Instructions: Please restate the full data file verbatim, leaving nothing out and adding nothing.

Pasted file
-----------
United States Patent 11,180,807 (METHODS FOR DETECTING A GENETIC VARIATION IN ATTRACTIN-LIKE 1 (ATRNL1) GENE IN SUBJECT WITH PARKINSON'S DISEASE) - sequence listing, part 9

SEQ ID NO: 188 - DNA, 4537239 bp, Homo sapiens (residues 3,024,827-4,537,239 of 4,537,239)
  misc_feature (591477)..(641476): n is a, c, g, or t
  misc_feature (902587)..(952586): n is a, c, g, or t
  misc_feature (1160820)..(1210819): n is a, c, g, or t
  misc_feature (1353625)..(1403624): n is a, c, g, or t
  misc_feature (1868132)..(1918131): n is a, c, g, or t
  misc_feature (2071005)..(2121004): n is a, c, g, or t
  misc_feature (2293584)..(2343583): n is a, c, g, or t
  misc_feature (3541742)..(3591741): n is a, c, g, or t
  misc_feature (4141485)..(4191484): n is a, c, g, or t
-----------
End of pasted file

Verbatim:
United States Patent 11,180,807 (METHODS FOR DETECTING A GENETIC VARIATION IN ATTRACTIN-LIKE 1 (ATRNL1) GENE IN SUBJECT WITH PARKINSON'S DISEASE) - sequence listing, part 9

SEQ ID NO: 188 - DNA, 4537239 bp, Homo sapiens (residues 3,024,827-4,537,239 of 4,537,239)
  misc_feature (591477)..(641476): n is a, c, g, or t
  misc_feature (902587)..(952586): n is a, c, g, or t
  misc_feature (1160820)..(1210819): n is a, c, g, or t
  misc_feature (1353625)..(1403624): n is a, c, g, or t
  misc_feature (1868132)..(1918131): n is a, c, g, or t
  misc_feature (2071005)..(2121004): n is a, c, g, or t
  misc_feature (2293584)..(2343583): n is a, c, g, or t
  misc_feature (3541742)..(3591741): n is a, c, g, or t
  misc_feature (4141485)..(4191484): n is a, c, g, or t